Dare to Share

Share In a Way that Helps Everyone

Share In a Way that Helps Everyone

Today is “Dare to Share” day at Cheetah Learning. When looking at sharing your time and talents, we contemplated all the reasons that stop us from sharing with others. Sometimes it’s fear of the unknown – like in how much of my time is this going to take, do I have the skills to really help out in this situation, am I opening myself up to liabilities that I am not prepared to cover? When you become conscious of the reasons why you don’t want to share, you can create strategies to reduce your risks so you can share your time and talent with others in a way that helps everyone. Lets look at how you can best share your time and talents with others so it enhances everyone’s life:

1. Your time (well and other people’s time as well). For any project, be it one that is voluntary or one for which you are getting paid, it literally pays to do a project agreement. As part of the Project Agreement you identify how much each party can contribute to doing the project. You can get a free project agreement template on the Cheetah Learning Free PM Tools Download. And committing to how much time you can spend on any one project can be as simple as stating up front how much time you can commit to helping them. For example, I perpetually get asked to “look at someone’s computer.” Now I am NOT a computer tech support person, but yes I do know a lot about computers. When I get asked to look at someone’s computer – I now say – if I can’t get it fixed in 15 minutes, it is most likely beyond my capabilities. I can take a quick look at it, but I might not be able to help you.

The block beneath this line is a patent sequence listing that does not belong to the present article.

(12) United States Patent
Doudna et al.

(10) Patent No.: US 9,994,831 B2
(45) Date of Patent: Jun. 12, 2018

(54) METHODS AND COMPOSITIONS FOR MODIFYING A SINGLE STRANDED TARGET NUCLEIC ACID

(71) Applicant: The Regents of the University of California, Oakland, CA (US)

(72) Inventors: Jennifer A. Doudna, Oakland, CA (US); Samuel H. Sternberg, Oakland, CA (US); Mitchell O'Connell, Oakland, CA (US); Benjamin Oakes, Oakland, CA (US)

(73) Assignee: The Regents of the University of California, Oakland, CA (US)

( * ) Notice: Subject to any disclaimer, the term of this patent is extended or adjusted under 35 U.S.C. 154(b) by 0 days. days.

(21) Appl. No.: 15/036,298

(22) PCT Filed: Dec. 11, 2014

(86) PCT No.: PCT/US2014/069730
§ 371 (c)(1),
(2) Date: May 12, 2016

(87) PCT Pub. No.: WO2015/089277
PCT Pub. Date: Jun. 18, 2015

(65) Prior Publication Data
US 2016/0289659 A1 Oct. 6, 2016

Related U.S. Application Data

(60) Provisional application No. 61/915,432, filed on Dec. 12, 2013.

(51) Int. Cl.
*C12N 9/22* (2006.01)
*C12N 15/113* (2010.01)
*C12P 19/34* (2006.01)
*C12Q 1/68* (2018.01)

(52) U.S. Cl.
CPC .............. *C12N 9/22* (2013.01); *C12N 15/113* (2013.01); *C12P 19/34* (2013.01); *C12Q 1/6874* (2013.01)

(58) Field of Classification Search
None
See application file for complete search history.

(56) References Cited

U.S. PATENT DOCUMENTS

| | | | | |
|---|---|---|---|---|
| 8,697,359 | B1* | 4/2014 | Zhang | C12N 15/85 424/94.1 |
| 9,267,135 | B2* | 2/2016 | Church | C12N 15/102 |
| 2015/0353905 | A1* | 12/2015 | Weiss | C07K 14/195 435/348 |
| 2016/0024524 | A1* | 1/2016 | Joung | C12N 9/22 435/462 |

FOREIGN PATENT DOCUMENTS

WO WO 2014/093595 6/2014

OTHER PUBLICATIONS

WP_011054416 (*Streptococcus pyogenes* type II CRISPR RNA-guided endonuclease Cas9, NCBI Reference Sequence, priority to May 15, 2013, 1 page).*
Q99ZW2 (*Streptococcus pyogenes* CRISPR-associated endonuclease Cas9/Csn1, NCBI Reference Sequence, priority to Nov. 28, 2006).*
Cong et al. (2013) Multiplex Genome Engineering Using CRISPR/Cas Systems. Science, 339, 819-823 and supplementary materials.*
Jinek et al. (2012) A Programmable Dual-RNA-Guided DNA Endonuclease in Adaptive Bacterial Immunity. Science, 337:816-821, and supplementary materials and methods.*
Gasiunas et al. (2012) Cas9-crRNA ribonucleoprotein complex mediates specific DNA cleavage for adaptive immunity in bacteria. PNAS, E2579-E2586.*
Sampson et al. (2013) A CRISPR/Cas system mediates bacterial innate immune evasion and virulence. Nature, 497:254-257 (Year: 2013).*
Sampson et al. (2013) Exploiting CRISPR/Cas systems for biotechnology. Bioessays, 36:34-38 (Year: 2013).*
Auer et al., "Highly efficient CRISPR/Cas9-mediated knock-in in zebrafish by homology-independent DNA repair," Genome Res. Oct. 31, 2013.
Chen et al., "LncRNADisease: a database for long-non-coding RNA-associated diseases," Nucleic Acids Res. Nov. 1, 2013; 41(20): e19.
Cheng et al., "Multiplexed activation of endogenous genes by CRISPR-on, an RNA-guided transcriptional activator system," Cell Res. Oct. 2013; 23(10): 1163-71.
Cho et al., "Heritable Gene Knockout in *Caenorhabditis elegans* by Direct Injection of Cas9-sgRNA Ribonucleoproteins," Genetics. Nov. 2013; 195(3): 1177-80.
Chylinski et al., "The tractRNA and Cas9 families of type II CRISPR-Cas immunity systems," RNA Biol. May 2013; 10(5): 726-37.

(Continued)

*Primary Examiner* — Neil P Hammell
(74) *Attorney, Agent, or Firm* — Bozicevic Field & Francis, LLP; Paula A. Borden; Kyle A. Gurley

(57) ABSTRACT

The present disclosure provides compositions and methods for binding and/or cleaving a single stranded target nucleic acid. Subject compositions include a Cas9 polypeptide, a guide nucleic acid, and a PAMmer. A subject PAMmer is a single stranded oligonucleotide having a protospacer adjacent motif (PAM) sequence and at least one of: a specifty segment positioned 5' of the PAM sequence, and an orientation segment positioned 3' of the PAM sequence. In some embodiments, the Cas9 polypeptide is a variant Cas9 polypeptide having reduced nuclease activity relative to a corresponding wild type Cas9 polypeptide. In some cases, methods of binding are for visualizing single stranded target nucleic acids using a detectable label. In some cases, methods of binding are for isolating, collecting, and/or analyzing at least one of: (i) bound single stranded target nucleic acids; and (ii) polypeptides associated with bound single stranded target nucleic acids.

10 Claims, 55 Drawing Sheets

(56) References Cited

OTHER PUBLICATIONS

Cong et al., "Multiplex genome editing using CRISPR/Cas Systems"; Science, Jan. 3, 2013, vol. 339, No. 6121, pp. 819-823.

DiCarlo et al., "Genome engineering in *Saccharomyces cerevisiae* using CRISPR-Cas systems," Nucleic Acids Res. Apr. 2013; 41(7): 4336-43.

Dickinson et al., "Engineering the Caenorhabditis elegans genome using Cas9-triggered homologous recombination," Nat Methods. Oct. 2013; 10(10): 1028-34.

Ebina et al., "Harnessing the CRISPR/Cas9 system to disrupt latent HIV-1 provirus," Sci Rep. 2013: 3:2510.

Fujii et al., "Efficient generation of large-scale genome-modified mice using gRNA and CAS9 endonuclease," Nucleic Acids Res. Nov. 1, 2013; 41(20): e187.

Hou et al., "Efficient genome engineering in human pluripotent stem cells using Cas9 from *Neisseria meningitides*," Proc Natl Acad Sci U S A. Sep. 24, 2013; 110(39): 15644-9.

2. Your talent (and other people’s talent) – For many professionals who have consumer oriented skills, you are probably used to others asking you for free advice, help on their projects etc. It is a VERY GOOD idea if you have a policy up front on how you are going to share your talent with others in a non-paying way. For example, a friend of my daughters is very good at fixing Subaru’s. So good that now he actually gets paid to do it. However, he gets requests all the time from people who don’t have the money to fix their Subaru’s to fix their cars for free. You can set a friends and family rate and parameters on how you are going to share your talents with folks who might expect you to do the service for free. Sometimes, you’re trying to get experience in a new field so you volunteer your time to learn new skills. Make sure you are upfront with people on your capabilities so you don’t over promise and under deliver.

3. Your risk – this is a look before you leap situation. Helping people by loaning them equipment or loaning them your time and talent does create risk for all parties. I had to create a standard hold harmless contract with my neighbors who were asking me to borrow this or that piece of equipment and the expectation that it was returned to me in good working order. When doing scholarship programs, we have a third party administer them to reduce our risks. Consider the risks that could happen from your sharing efforts and make sure you work to reduce both the chance of those risks occurring and the impact if they do occur.

If by your very nature you are a generous person and would like to stay that way, do some upfront work on the impact of your generosity and you’ll create a much better life for yourself and others. To learn more you can:

A. Listen to my “Dare to Share” podcast.
B. Download our Free Project Agreement template.
C Share a story of how you have helped others and earn a free 5 PDU course on building your Project Management Strengths. Your story will be entered into our competition to win our 60 PDU online Establishing a PMO course.
D. Participate in our survey of how you share with others and get 50% off our most popular 40 PDU online course Project Turnaround.

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